It’s that time of year again: budget time. For most people, when the topic of government budgeting comes up, their eyes glaze over and they become disinterested. Not me, I find government budgets fascinating documents as they show us what a particular government values (and what it doesn`t value for that matter).
Budgeting is about setting priorities and allocating the necessary dollars to meet those priorities. By analysing government budgets, we can tell if government is putting its money where its mouth is, so to speak.
A logical first step in setting government priorities would be to understand the population’s needs and how different investment scenarios will impact different segments of the population. Government should make sure that the investment it makes achieves the goals that it sets out for itself. For example, if on one hand a stated goal is to increase the literacy rates in the province but on the other hand the budget cuts the funds allocated to education, it is unlikely that this government will achieve its goal of improving literacy rates in the province.
The provincial government does make an effort to consult with the population every year before making budgetary decisions. I have participated in a number of these consultations over the years as an engaged citizen. This process is important. There are other measures that governments can use to better understand the impact of its budgetary decisions. One of these tools is gender based analysis.
I, for one, wish that the New Brunswick government (and the Canadian government for that matter) would sex-up its budget process. By this I mean include elements of gender based analysis (or as it is sometimes called GBA) into its budget process.
In March 2008, the UN Commission on the Status of Women passed a resolution calling on all governments to do gender analyses of their budgets. Some governments have delivered on their international commitment to improve gender equality by incorporating gender based analysis in their budget process.
Austria, Morocco, and Australia are among the over 60 jurisdictions to have used Gender-Based Analysis in their budget processes. In each case, the use of this analysis has led to sound investments. For example, in Australia, where a Gender-Based Analysis initiative was used in the budget process from 1984 to 1996, the number of daycare spaces increased fivefold (UNPAC). This is a very wise investment, as we are well aware of the return on investment in childcare services. In fact, here in Canada, every dollar invested in childcare services yields a return of $2.30 in short-term GDP (Robert Fairholm, Centre for Spatial Economics).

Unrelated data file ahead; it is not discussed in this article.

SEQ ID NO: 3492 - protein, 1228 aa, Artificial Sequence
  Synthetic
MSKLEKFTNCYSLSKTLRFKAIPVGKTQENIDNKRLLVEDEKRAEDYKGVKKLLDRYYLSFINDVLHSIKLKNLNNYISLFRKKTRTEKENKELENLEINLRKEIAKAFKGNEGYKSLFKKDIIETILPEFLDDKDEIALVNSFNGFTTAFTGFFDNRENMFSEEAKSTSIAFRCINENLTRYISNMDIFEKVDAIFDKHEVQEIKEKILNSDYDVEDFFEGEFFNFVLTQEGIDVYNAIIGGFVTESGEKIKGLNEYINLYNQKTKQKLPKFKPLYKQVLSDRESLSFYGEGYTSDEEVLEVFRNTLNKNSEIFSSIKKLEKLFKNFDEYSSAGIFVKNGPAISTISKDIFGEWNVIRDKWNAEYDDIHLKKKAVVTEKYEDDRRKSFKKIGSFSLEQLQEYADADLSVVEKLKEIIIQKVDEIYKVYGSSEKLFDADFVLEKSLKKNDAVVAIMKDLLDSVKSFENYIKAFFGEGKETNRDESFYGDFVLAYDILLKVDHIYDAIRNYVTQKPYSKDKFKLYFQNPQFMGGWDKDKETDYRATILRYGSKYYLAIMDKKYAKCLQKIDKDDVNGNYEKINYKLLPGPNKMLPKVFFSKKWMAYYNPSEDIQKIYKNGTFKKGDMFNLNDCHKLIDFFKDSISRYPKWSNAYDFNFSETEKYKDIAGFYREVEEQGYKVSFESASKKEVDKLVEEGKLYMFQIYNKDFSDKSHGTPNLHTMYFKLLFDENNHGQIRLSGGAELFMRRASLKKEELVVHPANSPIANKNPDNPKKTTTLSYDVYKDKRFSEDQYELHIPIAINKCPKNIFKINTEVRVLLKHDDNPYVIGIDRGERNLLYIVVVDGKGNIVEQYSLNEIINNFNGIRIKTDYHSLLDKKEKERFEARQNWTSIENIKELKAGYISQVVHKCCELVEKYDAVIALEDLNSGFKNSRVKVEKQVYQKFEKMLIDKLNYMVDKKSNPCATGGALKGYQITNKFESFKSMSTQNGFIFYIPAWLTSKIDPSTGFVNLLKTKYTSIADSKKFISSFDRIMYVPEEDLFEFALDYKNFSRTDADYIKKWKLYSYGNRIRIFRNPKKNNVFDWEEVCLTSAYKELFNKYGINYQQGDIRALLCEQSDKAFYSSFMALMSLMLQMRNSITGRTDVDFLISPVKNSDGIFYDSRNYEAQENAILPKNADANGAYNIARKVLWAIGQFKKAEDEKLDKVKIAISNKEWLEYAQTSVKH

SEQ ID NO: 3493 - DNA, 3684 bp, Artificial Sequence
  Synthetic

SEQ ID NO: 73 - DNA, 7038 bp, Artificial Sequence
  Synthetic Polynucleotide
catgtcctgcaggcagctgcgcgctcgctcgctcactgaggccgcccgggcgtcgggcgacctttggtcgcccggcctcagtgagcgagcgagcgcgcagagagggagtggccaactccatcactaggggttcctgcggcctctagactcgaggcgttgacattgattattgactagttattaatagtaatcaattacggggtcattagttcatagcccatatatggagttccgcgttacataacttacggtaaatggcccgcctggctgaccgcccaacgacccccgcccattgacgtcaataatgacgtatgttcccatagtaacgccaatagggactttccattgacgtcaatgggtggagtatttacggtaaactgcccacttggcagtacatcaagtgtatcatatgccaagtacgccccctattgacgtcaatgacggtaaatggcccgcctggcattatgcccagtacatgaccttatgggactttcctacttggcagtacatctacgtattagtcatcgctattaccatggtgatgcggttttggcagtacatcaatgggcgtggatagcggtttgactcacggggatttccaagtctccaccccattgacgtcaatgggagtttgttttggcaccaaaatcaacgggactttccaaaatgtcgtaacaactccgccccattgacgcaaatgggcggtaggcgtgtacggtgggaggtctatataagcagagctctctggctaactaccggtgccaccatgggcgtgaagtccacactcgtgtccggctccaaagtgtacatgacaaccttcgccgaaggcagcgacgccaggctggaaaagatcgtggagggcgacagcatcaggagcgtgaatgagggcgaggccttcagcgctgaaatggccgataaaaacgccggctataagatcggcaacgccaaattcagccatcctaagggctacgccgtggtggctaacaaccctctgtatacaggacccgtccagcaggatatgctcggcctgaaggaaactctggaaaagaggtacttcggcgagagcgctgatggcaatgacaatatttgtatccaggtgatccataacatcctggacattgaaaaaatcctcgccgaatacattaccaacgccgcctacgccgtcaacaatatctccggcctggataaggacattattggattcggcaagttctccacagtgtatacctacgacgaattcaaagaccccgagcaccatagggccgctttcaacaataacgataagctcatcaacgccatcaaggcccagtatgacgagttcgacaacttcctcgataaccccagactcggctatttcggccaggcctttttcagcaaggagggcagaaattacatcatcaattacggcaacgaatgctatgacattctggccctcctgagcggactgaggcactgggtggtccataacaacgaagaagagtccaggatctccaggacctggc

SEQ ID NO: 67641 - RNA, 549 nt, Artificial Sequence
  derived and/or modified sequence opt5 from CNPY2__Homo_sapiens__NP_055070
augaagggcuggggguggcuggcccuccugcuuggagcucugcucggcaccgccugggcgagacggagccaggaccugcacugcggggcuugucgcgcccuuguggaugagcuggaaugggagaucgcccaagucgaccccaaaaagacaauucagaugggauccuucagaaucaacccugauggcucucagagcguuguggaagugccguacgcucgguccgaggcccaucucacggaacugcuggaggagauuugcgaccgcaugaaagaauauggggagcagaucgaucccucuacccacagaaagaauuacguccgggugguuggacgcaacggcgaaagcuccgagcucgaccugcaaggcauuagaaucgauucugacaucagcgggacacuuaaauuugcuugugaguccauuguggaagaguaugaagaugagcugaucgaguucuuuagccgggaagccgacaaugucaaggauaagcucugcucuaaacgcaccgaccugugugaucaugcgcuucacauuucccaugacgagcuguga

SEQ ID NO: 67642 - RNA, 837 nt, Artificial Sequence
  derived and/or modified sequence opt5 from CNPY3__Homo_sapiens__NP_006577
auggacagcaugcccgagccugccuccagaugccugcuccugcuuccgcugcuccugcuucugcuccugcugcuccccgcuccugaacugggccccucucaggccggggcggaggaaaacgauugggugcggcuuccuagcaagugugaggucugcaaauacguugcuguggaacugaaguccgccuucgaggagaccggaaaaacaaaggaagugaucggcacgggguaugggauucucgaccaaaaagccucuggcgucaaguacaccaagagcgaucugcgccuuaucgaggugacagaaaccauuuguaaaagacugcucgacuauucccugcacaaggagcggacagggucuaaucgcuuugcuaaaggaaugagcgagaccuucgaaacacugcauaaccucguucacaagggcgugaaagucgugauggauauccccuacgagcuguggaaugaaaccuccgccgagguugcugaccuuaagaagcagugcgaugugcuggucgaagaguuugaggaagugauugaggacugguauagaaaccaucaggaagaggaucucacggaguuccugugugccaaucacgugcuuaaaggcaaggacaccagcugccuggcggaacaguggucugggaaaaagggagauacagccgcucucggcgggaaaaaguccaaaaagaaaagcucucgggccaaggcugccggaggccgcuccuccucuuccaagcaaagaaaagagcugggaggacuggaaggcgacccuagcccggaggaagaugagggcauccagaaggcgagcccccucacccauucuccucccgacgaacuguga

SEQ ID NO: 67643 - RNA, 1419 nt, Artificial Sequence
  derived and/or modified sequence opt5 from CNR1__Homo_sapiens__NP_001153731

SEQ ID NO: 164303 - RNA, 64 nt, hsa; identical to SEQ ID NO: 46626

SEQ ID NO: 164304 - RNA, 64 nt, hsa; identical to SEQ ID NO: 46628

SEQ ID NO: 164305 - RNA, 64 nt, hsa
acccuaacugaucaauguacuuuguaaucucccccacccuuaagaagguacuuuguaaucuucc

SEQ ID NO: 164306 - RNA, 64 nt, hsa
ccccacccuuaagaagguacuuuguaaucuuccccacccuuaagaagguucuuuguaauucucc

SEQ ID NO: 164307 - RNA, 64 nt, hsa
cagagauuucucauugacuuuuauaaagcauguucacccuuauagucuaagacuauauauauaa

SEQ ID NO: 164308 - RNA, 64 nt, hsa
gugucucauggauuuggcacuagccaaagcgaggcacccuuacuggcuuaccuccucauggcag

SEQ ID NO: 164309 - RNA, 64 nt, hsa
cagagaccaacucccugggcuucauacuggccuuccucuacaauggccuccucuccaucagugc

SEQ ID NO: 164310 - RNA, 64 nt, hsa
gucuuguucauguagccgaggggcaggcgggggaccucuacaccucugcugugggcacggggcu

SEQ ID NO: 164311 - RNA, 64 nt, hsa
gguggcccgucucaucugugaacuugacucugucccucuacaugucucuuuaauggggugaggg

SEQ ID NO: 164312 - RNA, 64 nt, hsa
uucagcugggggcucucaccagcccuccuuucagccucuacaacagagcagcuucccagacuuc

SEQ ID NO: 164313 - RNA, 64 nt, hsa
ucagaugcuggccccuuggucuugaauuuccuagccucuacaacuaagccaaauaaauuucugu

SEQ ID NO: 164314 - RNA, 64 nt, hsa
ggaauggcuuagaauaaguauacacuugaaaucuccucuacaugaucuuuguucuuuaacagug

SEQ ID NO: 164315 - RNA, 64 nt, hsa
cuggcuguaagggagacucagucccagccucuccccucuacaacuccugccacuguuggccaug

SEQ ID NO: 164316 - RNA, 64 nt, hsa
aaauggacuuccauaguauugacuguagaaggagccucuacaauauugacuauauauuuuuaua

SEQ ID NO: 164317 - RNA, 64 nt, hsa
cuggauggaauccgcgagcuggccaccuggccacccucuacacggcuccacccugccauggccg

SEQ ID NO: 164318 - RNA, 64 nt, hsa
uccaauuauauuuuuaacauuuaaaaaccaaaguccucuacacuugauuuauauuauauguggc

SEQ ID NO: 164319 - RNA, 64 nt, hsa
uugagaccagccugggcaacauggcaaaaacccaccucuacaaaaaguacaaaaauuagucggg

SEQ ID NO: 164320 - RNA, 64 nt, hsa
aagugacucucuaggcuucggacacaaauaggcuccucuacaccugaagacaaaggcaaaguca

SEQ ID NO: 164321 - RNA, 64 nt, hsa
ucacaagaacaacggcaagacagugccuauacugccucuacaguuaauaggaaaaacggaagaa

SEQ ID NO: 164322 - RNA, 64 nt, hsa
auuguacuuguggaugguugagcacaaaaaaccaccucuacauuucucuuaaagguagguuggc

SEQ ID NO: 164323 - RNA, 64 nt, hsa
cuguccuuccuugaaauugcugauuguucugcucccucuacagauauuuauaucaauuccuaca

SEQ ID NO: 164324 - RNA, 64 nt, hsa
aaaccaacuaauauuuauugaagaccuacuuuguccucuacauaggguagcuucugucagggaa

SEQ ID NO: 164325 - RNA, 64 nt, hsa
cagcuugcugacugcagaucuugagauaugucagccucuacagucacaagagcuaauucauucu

All the while, in Canada, we seem to be falling further and further behind on this international measurement. The equality gap between men and women is widening over time, not receding. Out of the 157 countries evaluated under the United Nations Gender-Related Development Index, Canada ranks 83rd. Other countries such as Cuba and Mexico are leaping ahead of Canada when it comes to gender equality.
All levels of government in Canada – federal, provincial and municipal – could stand to sex-up their budgets a bit.
Some elected officials are nevertheless confused by what gender based analysis means. Some think that it means doing two budgets, with different tax rates, one for women and one for men. This is not true. Others think that it simply means getting the female perspective on the budget (seeking input from female Cabinet Ministers, MLAs and women who participated in the pre-budget consultation process). Although seeking input into the budget-making process is important, this is not gender based analysis.
Gender budgeting is not a complicated concept though. It simply means analyzing how money is allocated and asking how that allocation of money impacts men and women differently.
In its January 30th edition, the Telegraph Journal reported the remarks of New Brunswick Finance Minister Blaine Higgs about this year’s budget process: “The challenge we have is not having money continually poured down black holes. We’ve said from the very beginning that we want to have a more efficient use of our tax dollars.” I agree. Perhaps conducting gender based analysis of budget decisions as well as other evidence-based analysis of the budget will help to make sure that we stop “pouring money down a black hole.”
For anyone interested in learning more about gender budgeting, the Regroupement féministe (francophone feminist organization) is hosting Women and Budget Day on February 15th. I plan to attend to learn more about this important topic. Their keynote speaker is a Canadian expert on gender based analysis, named Charlotte Thibault. She will be speaking on why governments must take the needs of women and men into account in the budget process. I hope to see many politicians and policy-makers in attendance there too. For anyone interested in learning more about this event contact: firstname.lastname@example.org.
I can hardly wait to budget day in New Brunswick. Like many other women, I will be looking for evidence of gender budgeting. Let’s hope that it will be easy to find.